Today’s topic of discussion is the WordPress footer or, more abstractly, blog footers in general. A recent trend has seen more and more information collecting down there, and it’s worth asking a simple question: “Why?”
The last thing I want to appear to be is the WordPress version of Cranky Kong (especially since I’m closer to the age of Diddy) but it does seem to me to be an abuse of the footer. I can’t say I’ve made my mind up on every aspect of the topic, but it’s worth bringing up here and discussing.
How the Footer is Used
Sites make use of the footer in different ways, of course, but a fairly consistent theme is to provide more information to the reader. If I remember right (can’t remember the where I heard this–I hate that) it is common for readers to scroll to the bottom of the page. In other words, readers like to scroll. That might go against Nielsen’s gospel (in short: users don’t want to do anything) but so be it.
A theme I coded for a client just this past weekend called for a series of widgets in the footer:
- archives, and
- a MyBlogLog listing.
Not that my work means anything, but it isn’t only mine that makes me think that. Check to the right for a couple of examples of content–centric uses of the footer.
The Potential Dangers of Using the Footer This Way
Again, not to be Cranky, but I can’t help but have a few concerns.
Google penalizes for large–scale link duplications.
This isn’t really even a question anymore. They aren’t afraid of doing it. And in the cases of certain blogs, especially those link to lots of other sites (their own or otherwise) they face the threat. In general, too much duplicated content of any kind is bad practice when it comes to a site’s architecture and, subsequently, it’s treatment by search engines. It isn’t ideal, to say the least.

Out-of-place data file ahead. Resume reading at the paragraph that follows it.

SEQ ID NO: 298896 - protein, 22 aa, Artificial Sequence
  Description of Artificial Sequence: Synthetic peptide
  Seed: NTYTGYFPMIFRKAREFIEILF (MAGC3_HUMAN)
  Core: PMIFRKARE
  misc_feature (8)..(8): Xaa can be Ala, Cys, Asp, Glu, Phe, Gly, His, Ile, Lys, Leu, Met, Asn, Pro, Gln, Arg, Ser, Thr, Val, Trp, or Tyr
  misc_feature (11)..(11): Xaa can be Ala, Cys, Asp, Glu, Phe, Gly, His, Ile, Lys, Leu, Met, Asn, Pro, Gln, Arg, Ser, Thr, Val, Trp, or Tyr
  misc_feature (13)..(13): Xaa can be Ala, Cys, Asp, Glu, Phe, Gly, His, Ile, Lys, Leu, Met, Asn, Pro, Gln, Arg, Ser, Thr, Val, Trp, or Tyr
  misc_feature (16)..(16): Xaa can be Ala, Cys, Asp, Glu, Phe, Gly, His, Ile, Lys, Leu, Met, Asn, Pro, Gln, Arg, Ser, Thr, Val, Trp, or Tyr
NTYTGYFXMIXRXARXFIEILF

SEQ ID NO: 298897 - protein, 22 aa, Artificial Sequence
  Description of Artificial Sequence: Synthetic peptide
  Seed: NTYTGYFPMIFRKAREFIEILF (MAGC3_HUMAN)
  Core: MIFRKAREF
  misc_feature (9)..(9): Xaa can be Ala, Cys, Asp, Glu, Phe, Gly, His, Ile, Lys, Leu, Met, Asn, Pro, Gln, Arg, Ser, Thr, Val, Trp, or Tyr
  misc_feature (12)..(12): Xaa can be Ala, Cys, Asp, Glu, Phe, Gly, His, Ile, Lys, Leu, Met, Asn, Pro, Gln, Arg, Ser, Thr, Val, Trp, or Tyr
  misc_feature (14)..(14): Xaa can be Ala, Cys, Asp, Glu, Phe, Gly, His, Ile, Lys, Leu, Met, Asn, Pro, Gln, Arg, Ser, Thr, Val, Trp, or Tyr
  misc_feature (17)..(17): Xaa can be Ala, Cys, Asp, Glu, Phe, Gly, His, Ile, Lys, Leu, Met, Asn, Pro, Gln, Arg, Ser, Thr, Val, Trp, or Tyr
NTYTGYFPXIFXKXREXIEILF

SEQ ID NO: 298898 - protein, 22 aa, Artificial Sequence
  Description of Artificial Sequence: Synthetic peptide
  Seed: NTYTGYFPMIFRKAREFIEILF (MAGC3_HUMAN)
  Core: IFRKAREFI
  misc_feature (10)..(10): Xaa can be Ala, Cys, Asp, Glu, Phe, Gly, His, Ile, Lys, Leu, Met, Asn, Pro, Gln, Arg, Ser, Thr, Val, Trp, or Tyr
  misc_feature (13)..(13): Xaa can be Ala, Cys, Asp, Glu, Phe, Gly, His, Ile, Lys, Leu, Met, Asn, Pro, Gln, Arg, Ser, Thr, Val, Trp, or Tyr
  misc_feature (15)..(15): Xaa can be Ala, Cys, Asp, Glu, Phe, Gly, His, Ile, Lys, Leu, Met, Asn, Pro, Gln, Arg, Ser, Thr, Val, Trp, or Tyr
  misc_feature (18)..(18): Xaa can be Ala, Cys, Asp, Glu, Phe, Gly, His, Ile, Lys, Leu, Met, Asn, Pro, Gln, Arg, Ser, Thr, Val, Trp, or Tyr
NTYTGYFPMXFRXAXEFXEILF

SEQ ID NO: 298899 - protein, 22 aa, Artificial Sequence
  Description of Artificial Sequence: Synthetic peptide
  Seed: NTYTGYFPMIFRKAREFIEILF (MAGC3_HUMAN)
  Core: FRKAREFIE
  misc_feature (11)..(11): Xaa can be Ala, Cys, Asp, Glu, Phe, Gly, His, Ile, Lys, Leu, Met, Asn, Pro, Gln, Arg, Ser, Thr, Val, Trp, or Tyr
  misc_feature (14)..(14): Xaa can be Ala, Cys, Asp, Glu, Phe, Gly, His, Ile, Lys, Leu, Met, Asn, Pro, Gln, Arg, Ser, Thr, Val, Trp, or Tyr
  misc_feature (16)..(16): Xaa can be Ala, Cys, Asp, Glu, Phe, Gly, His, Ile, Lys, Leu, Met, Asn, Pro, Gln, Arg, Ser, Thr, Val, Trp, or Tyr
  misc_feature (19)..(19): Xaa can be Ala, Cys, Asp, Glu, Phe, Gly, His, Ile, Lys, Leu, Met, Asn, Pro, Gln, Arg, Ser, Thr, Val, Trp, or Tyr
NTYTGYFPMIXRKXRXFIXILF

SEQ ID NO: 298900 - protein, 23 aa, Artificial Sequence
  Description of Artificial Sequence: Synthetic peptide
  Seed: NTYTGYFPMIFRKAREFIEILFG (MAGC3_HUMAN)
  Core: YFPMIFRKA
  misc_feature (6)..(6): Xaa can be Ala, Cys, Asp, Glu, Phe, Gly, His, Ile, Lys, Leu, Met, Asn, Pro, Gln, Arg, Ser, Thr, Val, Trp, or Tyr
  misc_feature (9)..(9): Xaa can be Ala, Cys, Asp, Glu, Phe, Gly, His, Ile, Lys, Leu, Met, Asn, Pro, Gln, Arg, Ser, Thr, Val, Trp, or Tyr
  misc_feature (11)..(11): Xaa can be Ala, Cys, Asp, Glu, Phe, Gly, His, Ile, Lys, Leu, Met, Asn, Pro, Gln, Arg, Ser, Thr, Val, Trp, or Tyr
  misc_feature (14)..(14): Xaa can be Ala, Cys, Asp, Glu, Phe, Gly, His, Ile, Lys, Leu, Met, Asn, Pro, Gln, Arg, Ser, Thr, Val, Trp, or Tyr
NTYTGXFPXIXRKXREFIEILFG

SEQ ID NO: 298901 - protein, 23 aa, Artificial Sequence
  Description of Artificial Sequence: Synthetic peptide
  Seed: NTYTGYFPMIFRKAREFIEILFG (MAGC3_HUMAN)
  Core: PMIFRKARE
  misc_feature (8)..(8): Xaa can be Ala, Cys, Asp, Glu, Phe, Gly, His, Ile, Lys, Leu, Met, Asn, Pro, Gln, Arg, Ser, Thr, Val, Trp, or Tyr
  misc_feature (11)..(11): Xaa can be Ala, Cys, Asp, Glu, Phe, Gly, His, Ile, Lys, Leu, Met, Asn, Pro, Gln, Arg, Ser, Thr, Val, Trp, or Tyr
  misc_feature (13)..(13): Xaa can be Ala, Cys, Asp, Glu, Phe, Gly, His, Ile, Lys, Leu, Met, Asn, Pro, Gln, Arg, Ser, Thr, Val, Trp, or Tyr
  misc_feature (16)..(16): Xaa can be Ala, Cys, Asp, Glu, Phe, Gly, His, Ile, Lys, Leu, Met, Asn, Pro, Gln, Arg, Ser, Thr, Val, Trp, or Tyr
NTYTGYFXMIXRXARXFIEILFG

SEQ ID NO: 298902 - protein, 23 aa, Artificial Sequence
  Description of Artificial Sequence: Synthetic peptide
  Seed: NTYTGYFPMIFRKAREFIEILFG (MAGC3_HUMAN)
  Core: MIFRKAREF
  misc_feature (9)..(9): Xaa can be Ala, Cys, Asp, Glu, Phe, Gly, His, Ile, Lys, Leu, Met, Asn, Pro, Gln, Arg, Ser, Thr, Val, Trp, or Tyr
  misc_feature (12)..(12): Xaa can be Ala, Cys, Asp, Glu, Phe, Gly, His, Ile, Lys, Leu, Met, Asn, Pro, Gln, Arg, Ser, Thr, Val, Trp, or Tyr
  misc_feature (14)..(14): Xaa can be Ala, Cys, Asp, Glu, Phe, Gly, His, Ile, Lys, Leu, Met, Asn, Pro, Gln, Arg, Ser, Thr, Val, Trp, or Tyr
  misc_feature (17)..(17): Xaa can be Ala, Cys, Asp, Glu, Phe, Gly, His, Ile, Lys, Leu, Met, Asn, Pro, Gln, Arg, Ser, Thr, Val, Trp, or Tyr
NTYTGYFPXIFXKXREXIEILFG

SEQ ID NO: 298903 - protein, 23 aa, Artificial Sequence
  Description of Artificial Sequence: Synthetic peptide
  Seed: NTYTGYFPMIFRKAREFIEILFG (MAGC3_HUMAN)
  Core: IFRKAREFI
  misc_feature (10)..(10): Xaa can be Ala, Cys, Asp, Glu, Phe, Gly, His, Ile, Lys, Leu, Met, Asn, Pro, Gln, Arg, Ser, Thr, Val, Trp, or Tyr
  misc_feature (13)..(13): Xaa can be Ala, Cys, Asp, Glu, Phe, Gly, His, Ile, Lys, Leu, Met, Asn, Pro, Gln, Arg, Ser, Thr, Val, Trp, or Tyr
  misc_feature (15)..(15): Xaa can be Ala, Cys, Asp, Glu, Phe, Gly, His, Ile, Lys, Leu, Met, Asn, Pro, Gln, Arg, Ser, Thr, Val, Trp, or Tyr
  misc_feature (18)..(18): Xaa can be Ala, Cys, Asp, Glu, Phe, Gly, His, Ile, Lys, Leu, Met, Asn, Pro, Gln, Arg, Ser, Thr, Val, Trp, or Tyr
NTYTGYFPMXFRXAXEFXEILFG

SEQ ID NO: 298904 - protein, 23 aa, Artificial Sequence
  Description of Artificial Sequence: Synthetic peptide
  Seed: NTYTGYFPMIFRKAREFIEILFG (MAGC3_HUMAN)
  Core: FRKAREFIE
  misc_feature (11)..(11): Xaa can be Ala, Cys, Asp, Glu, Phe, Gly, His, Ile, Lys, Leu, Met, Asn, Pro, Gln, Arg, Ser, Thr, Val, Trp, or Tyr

Is duplication truly useful?
In the examples in the images above, ProBlogger dumps a bunch of content into its footer and David Airey only replicates the main navigation. The question to consider is how much is truly useful? Both sites have a large amount of content (ProBlogger more, by far of course) and surely face the temptation to flood their pages with links. Darren Rowse, of ProBlogger, seems to have let a bit more flood into his footer. I’m inclined to appreciate Airey’s bottom navigation.
What’s the purpose of the footer?
I’ll hit this harder in the next section, but it’s worth introducing here. I’m big into things like purposes and definitions, and in this case it seems the footer has a different purpose than it is being used. In short: if content gets as extensive as some sites, shouldn’t the content just break off into its own section? Leave the footer alone.
What can be done about this? First, we need a strong idea of what the footer is to be used for. Then we can, in our own little ways, implement this on our own blogs. Hopefully.
What a Footer is For
A Footer is for Site Information
Using a footer to display information such as copyrights (©), links like About this site, privacy information, designer credits, and sometimes even links to valid markup statements. Is that boring? Only if you make it boring.
A Footer is (Maybe) for Navigation
Like I said, it’s tough to say that footer navigation isn’t helpful. I can see the use, especially on longer pages. If the page isn’t long, though, I’d like to see more purpose injected into the links than navigation.
A Footer is (Most Importantly) to Show that Information has Ended
As drab as it sounds, the footer isn’t the place to put information because, in a sense, the footer tells the user (without glancing at his or her scrollbar’s location) that s/he is at the end of the page. Putting more content in will only confuse that.
Hopefully that didnn’t come across too soap–boxy. Now, for the fun part. What have you done with your footer that breaks every footer rule listed above? Come on, out with it, so that we as a Playground community can publicly chastise you.